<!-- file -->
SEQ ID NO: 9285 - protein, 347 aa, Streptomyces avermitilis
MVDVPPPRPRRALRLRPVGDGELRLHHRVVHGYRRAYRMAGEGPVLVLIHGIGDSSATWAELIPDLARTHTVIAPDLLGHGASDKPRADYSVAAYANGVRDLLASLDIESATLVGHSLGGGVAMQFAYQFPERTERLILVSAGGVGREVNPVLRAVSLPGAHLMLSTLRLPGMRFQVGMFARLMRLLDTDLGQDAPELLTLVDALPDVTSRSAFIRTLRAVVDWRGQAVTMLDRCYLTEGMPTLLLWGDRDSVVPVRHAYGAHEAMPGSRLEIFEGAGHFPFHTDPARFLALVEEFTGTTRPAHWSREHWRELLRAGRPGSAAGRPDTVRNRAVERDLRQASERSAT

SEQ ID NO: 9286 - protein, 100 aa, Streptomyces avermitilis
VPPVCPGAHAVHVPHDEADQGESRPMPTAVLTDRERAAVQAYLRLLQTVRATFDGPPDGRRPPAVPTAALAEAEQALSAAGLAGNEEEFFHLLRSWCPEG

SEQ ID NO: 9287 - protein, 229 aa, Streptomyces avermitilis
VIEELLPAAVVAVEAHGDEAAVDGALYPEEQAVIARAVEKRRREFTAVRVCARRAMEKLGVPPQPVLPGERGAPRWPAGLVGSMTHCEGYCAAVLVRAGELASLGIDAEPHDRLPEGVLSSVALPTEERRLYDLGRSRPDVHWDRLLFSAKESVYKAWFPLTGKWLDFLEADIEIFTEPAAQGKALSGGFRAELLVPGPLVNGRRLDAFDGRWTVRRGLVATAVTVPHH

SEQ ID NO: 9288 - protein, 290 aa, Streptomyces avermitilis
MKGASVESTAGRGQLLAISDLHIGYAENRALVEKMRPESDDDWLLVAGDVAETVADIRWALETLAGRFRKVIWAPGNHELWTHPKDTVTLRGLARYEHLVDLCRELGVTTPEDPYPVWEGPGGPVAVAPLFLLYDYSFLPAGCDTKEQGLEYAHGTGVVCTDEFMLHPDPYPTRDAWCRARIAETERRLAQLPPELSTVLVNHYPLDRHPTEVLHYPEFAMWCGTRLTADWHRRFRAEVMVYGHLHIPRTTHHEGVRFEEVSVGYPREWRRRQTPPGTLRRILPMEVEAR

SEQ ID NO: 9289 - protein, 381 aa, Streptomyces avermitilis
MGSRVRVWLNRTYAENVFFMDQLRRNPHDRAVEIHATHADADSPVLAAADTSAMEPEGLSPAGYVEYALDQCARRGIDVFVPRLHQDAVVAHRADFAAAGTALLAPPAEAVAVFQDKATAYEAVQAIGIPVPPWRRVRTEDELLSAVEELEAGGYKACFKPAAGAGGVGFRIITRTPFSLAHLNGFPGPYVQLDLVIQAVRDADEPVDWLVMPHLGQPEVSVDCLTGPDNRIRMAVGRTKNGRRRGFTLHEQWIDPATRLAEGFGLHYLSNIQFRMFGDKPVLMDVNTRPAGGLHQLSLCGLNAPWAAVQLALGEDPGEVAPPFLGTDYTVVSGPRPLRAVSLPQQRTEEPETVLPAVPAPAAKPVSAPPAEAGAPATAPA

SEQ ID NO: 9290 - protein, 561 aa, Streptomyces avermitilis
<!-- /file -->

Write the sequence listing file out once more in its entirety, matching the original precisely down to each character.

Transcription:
SEQ ID NO: 9285 - protein, 347 aa, Streptomyces avermitilis
MVDVPPPRPRRALRLRPVGDGELRLHHRVVHGYRRAYRMAGEGPVLVLIHGIGDSSATWAELIPDLARTHTVIAPDLLGHGASDKPRADYSVAAYANGVRDLLASLDIESATLVGHSLGGGVAMQFAYQFPERTERLILVSAGGVGREVNPVLRAVSLPGAHLMLSTLRLPGMRFQVGMFARLMRLLDTDLGQDAPELLTLVDALPDVTSRSAFIRTLRAVVDWRGQAVTMLDRCYLTEGMPTLLLWGDRDSVVPVRHAYGAHEAMPGSRLEIFEGAGHFPFHTDPARFLALVEEFTGTTRPAHWSREHWRELLRAGRPGSAAGRPDTVRNRAVERDLRQASERSAT

SEQ ID NO: 9286 - protein, 100 aa, Streptomyces avermitilis
VPPVCPGAHAVHVPHDEADQGESRPMPTAVLTDRERAAVQAYLRLLQTVRATFDGPPDGRRPPAVPTAALAEAEQALSAAGLAGNEEEFFHLLRSWCPEG

SEQ ID NO: 9287 - protein, 229 aa, Streptomyces avermitilis
VIEELLPAAVVAVEAHGDEAAVDGALYPEEQAVIARAVEKRRREFTAVRVCARRAMEKLGVPPQPVLPGERGAPRWPAGLVGSMTHCEGYCAAVLVRAGELASLGIDAEPHDRLPEGVLSSVALPTEERRLYDLGRSRPDVHWDRLLFSAKESVYKAWFPLTGKWLDFLEADIEIFTEPAAQGKALSGGFRAELLVPGPLVNGRRLDAFDGRWTVRRGLVATAVTVPHH

SEQ ID NO: 9288 - protein, 290 aa, Streptomyces avermitilis
MKGASVESTAGRGQLLAISDLHIGYAENRALVEKMRPESDDDWLLVAGDVAETVADIRWALETLAGRFRKVIWAPGNHELWTHPKDTVTLRGLARYEHLVDLCRELGVTTPEDPYPVWEGPGGPVAVAPLFLLYDYSFLPAGCDTKEQGLEYAHGTGVVCTDEFMLHPDPYPTRDAWCRARIAETERRLAQLPPELSTVLVNHYPLDRHPTEVLHYPEFAMWCGTRLTADWHRRFRAEVMVYGHLHIPRTTHHEGVRFEEVSVGYPREWRRRQTPPGTLRRILPMEVEAR

SEQ ID NO: 9289 - protein, 381 aa, Streptomyces avermitilis
MGSRVRVWLNRTYAENVFFMDQLRRNPHDRAVEIHATHADADSPVLAAADTSAMEPEGLSPAGYVEYALDQCARRGIDVFVPRLHQDAVVAHRADFAAAGTALLAPPAEAVAVFQDKATAYEAVQAIGIPVPPWRRVRTEDELLSAVEELEAGGYKACFKPAAGAGGVGFRIITRTPFSLAHLNGFPGPYVQLDLVIQAVRDADEPVDWLVMPHLGQPEVSVDCLTGPDNRIRMAVGRTKNGRRRGFTLHEQWIDPATRLAEGFGLHYLSNIQFRMFGDKPVLMDVNTRPAGGLHQLSLCGLNAPWAAVQLALGEDPGEVAPPFLGTDYTVVSGPRPLRAVSLPQQRTEEPETVLPAVPAPAAKPVSAPPAEAGAPATAPA

SEQ ID NO: 9290 - protein, 561 aa, Streptomyces avermitilis